Written collaboratively by Jim Krantz (ormer SDSU Extension Cow/Calf Field Specialist) and George Perry.
Fertility is influenced by many factors, and one of the best methods to look at the factors is with the “Equation of Reproduction”. The Equation of Reproduction includes the following 4 areas:
- Percentage of animals detected in standing estrus and inseminated
- Inseminator efficiency
- Fertility level of the semen
- Fertility level of the herd.
Each of the preceding areas will be discussed in this series. Part l of the four-part series, “Managing for Reproductive Success”, discussed the limiting aspects of improper estrus detection: Cows not detected in estrus have no opportunity to conceive. In artificial insemination systems, that opportunity to conceive when a cow is detected in estrus also depends on another limiting factor, “Inseminator Efficiency”.
Flushing embryos following insemination has reported that fertilization rates following natural service or artificial insemination (AI) in cattle range from 89 to 100%. When pregnancy rates from 13,942 first service artificial inseminations were compared to 6,310 first services by natural service, no difference was detected between artificial insemination and natural service.
With AI, inseminator efficiency is influenced by semen handling and the ability of the technician to deposit semen in the correct location. A detailed inventory of semen should be easily accessible, so that straws may be located and removed from the tank quickly to avoid exposure of semen to ambient temperature. When removing a straw from a liquid nitrogen refrigerator, it is imperative that the technician keep the canister, cane and unused semen straws as low as possible in the neck of the tank. It is best to keep all unused straws below the frost-line in the neck of the tank. The temperature of liquid nitrogen in a semen tank is -196 degrees Celsius °C( -326 degrees Fahrenheit, °F). Sperm injury (as judged by sperm motility) occurs at temperatures as warm as -79° C (-110° F), and injury to sperm cannot be corrected by returning semen to the liquid nitrogen.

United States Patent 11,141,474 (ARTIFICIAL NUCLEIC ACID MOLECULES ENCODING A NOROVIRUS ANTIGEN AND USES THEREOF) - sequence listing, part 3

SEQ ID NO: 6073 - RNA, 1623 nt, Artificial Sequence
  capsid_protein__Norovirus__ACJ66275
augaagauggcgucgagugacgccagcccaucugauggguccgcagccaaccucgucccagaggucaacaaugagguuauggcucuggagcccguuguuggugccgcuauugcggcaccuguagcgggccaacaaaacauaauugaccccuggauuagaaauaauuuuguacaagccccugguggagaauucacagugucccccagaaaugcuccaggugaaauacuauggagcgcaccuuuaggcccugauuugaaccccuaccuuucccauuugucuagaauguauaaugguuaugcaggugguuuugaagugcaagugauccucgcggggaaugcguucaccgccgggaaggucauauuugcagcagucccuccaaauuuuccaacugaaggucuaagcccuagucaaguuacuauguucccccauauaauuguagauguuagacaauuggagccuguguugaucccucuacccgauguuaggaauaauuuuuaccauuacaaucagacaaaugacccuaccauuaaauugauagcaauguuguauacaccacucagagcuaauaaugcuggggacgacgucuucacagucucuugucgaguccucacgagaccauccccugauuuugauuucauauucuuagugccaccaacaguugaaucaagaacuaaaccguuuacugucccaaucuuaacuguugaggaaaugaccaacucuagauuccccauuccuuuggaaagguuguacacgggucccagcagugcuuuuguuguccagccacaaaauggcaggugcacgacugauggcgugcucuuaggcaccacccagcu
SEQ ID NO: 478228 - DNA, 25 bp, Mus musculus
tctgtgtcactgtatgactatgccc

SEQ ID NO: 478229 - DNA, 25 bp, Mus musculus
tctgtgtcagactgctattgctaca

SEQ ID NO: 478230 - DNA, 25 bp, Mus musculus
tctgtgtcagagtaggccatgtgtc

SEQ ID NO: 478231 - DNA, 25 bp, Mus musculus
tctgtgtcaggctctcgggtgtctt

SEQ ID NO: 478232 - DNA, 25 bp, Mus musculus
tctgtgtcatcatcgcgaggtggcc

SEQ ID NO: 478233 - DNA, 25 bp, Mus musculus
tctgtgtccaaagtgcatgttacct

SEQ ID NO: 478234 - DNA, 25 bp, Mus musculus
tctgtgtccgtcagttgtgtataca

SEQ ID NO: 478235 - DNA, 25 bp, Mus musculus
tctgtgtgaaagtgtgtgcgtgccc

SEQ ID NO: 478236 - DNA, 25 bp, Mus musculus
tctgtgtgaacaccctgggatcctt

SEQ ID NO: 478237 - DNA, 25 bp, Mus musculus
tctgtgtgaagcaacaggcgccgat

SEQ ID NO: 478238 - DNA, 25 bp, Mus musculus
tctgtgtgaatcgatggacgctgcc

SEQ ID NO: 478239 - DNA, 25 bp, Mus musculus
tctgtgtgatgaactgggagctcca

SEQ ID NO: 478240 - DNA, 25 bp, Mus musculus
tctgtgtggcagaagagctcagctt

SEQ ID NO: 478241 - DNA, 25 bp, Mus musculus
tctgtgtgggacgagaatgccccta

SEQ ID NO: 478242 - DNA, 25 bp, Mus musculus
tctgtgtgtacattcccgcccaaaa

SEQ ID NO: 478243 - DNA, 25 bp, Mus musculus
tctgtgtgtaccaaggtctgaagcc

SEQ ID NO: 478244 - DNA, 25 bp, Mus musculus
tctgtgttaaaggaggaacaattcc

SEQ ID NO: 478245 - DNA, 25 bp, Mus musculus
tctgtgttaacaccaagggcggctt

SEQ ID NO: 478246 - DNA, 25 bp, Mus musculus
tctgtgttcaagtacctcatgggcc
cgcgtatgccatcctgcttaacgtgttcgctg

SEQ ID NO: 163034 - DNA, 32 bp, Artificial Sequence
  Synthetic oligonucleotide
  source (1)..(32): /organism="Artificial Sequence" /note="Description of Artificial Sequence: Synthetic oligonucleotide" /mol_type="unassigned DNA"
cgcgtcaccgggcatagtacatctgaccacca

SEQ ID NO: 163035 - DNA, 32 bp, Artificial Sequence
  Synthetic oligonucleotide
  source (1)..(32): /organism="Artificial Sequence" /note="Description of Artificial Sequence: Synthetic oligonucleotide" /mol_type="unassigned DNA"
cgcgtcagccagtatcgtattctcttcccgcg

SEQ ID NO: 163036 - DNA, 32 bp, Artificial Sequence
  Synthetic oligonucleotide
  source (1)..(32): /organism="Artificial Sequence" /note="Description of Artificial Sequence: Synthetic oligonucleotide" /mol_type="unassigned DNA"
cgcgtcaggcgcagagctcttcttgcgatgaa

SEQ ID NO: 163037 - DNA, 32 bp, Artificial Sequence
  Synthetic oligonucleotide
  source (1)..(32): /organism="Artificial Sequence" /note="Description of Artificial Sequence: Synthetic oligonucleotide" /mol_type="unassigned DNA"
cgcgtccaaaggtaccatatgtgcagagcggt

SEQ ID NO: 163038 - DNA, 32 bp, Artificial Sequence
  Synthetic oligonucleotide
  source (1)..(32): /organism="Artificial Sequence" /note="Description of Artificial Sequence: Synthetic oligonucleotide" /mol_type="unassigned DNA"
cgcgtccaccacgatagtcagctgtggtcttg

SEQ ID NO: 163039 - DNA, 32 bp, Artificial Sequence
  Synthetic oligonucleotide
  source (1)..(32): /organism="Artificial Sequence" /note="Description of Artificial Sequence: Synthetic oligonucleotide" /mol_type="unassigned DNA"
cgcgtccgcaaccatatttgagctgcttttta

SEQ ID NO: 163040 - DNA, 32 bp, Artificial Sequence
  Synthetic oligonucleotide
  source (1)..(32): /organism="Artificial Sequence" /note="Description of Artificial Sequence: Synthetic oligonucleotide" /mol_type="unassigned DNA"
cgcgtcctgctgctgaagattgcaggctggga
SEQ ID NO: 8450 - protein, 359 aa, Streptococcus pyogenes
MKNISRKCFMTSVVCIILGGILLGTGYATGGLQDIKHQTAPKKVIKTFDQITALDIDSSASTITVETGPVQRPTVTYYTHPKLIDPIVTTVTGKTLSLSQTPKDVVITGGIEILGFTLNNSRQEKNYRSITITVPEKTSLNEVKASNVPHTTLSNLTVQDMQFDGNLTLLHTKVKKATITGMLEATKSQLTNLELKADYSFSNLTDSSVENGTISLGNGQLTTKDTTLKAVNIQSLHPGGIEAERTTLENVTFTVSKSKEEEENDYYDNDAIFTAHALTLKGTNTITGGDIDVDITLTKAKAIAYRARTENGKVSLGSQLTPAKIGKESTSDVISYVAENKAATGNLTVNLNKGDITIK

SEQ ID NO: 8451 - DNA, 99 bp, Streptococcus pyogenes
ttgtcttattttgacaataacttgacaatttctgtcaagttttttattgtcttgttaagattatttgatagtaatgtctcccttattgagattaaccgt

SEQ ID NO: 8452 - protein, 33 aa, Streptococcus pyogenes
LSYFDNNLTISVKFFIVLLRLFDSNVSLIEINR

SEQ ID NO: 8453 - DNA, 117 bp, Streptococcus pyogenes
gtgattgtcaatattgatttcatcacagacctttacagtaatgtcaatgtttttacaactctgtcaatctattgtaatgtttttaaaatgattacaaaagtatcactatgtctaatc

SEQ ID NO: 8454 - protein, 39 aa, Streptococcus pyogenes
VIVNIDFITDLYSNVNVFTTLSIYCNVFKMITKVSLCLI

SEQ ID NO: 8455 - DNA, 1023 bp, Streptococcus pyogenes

Using conventional semen, many studies have compared site of deposition on pregnancy success. Some studies have reported increased conception rates when semen was deposited in the uterine horns rather than the uterine body, but other studies have reported no difference in fertility when comparing uterine body and uterine horn inseminations. Furthermore, an inseminator and site of semen deposition interaction has been reported, with evidence of either an increase, decrease, or no effect of uterine horn deposition on conception rate for individual inseminators. Unfortunately, it is not clear why some studies have shown an advantage following uterine horn insemination while others have not. A possible explanation for the positive effect of uterine horn inseminations may be related to the minimization or elimination of cervical semen deposition. Studies have reported cervical insemination errors account for approximately 20% of attempted uterine body depositions, and cervical insemination resulted in at least a 10% decrease in fertility when compared with deposition of semen in the uterine body. Clearly, all AI technicians must develop sufficient skill to recognize when the tip of the AI gun remains in the cervix. To maximize conception rates, AI technicians must continue to manipulate the reproductive tract until the tip of the AI gun is past the cervix and deposition into the uterus can be accomplished.